- Posted February 12, 2013 by
Bangladeshi students at UIUC echoed the demand of capital punishment for war criminals
On February 9, 2013, the Bangladeshi students at the University of Illinois at Urbana-Champaign (UIUC), together with the people of the Bangladeshi community living in the Urbana- Champaign area, expressed their solidarity with the ongoing “Shahbag Movement”. This is a mass people’s movement that is going on in Bangladesh demanding capital punishment for war criminals of the Bangladesh liberation war. The event was organized by the students of UIUC, which was attended by about 50 protesters, who gathered at the UIUC campus holding placards and banners that said – “No mercy for war crime. Be afraid, it’s time!”, “We want capital punishment for all war criminals”, “We support the ‘Shahbag Movement’”, and similar slogans. A statement of solidarity with the “Shahbag Movement” was then read in front of the crowd by two students. The event also included recitation of Bengali poems written by the students highlighting the atrocities committed by the war criminals during 1971, and demanding capital punishment of all the convicted war criminals. Another statement of solidarity with the ongoing movement was also read, recounting a short history of the genocide of 1971, and the role that these war criminals played in that massacre.
1971, the birth year of Bangladesh, is the most memorable year for every Bangladeshi. It is also the year of horror, torture, courage and sacrifice. All of it started abruptly with “Operation Searchlight” on March 25, 1971, when the Pakistani Army launched a cold-blooded, gruesome attack on Bangladeshi people to repress the Bangladeshi nationalist movement. Due to the sheer atrocities and rampant killings of innocent people, the death toll resulted in one of the largest genocides since the ethnic cleansing during the Second World War. More than 3 million people were killed; nearly a quarter of a million women were raped; children were abducted and tortured. Many of those crimes were committed by a group of Bangladeshi collaborators assisting the Pakistani Army, who are known as Razakar, Al-Shams and Al-Badr. The Bangladeshi people resisted valiantly and fought back with unwavering spirit. Sensing defeat, the Pakistani Army systematically executed at least one thousand Bangladeshi pro-liberation intellectuals on the night of December 14, 1971 with the help of those local collaborators; one last attempt to cripple the about to be born nation. Finally, the Pakistani Army unconditionally surrendered to the allied forces of Bangladesh and India on December 16, 1971, after a horrifying ordeal of 9-month long blood bath.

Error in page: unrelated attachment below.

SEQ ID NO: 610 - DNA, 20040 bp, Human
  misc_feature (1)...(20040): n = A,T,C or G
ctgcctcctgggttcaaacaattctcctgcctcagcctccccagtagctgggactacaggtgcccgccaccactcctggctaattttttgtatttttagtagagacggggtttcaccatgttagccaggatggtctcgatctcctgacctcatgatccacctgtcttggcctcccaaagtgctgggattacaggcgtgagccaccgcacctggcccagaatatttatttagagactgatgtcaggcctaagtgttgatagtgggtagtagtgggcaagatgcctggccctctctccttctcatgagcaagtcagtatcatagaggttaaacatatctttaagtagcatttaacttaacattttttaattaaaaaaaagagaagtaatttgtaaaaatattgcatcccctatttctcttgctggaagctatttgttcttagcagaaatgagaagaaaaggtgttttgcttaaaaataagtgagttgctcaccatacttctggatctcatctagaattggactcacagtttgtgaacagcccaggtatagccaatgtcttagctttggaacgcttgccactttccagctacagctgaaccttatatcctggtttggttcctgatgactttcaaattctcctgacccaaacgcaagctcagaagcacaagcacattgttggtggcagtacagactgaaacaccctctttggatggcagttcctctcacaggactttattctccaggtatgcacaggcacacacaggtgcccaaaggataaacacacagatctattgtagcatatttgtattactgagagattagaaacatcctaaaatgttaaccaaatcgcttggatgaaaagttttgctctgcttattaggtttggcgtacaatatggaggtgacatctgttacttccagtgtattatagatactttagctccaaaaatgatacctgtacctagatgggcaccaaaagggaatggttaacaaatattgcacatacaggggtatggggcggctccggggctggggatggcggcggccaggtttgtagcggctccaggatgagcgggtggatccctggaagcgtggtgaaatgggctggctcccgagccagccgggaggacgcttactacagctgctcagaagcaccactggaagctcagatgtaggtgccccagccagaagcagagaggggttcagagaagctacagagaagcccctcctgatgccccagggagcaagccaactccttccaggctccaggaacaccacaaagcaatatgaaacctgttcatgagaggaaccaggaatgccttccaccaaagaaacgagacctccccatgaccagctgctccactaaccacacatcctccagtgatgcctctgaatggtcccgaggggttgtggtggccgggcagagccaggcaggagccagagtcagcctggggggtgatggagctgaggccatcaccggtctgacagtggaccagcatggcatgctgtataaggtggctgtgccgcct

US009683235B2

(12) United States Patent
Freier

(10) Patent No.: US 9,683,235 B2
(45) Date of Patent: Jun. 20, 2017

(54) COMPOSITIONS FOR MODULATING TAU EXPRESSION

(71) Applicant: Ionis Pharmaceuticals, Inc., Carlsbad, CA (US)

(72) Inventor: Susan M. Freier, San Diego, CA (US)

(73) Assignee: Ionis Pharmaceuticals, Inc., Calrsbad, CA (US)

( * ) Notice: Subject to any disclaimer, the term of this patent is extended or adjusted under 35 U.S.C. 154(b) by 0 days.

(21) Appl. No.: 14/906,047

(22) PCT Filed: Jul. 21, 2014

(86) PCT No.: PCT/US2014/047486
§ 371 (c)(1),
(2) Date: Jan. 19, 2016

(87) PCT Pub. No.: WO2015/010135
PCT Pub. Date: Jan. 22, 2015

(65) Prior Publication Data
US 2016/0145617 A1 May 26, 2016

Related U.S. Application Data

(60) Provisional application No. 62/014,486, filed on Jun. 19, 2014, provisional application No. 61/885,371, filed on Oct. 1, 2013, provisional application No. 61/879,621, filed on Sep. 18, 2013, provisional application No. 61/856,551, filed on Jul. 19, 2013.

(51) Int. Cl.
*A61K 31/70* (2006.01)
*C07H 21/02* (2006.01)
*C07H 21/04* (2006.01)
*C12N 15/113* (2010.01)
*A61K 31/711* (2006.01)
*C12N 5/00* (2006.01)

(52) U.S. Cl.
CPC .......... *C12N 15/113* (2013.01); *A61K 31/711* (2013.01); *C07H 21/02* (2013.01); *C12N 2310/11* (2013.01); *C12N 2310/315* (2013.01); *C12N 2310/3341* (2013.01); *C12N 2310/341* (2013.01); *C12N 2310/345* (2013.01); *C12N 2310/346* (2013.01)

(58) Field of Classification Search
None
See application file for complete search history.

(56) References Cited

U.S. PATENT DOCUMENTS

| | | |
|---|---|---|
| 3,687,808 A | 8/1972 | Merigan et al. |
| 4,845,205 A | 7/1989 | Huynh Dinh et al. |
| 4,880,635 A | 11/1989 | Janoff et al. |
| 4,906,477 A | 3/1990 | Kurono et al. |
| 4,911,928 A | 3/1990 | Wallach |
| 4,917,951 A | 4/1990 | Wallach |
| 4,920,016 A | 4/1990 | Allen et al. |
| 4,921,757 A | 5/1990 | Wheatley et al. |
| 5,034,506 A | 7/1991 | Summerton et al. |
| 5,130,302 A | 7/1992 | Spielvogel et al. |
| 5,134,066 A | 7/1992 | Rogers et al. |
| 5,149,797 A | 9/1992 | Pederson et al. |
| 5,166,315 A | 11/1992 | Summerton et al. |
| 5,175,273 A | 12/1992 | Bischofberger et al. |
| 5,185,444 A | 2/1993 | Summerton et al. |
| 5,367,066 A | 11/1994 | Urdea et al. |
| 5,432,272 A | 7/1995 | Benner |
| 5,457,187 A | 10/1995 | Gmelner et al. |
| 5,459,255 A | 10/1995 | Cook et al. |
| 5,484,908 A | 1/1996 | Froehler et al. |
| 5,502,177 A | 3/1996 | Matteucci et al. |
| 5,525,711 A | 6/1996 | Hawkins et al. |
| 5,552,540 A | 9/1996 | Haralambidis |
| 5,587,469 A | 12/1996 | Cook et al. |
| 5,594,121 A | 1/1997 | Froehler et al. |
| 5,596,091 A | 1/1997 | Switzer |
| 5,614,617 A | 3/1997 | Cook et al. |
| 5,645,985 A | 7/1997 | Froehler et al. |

After that, four crucial decades have passed; during this period Bangladesh has seen the unfortunate event of the rehabilitation of war collaborators under the veil of religion-based political parties. Despite this long tantalizing agony, the young generation of Bangladesh hasn’t given up. Due to the continuous pressure created by the general people, the Bangladeshi Government finally formed an International Crime Tribunal (ICT) in 2010; and the trials of major war collaborators have been going on since then. On February 5, 2013, the ICT convicted one of the most infamous war criminals Abdul Quader Molla, also known as Butcher Quader, for taking part in one of the worst genocides in the history. The general consensus was that only capital punishment is the answer to these heinous crimes. However, to everyone’s shock, he was sentenced to life imprisonment for only 23 years. This verdict instantaneously embittered the 41 year old wound of the nation and sparked the movement to demand capital punishment for Abdul Quader Molla and all the other captured war criminals. Now, the country demands justice. Bangladeshis from every corner of the world are showing their solidarity with the movement and demanding justice remembering the souls sacrificed in the Liberation War of 1971.
Videos and photos of these events have been uploaded on YouTube and on a Facebook event page for public viewing and sharing.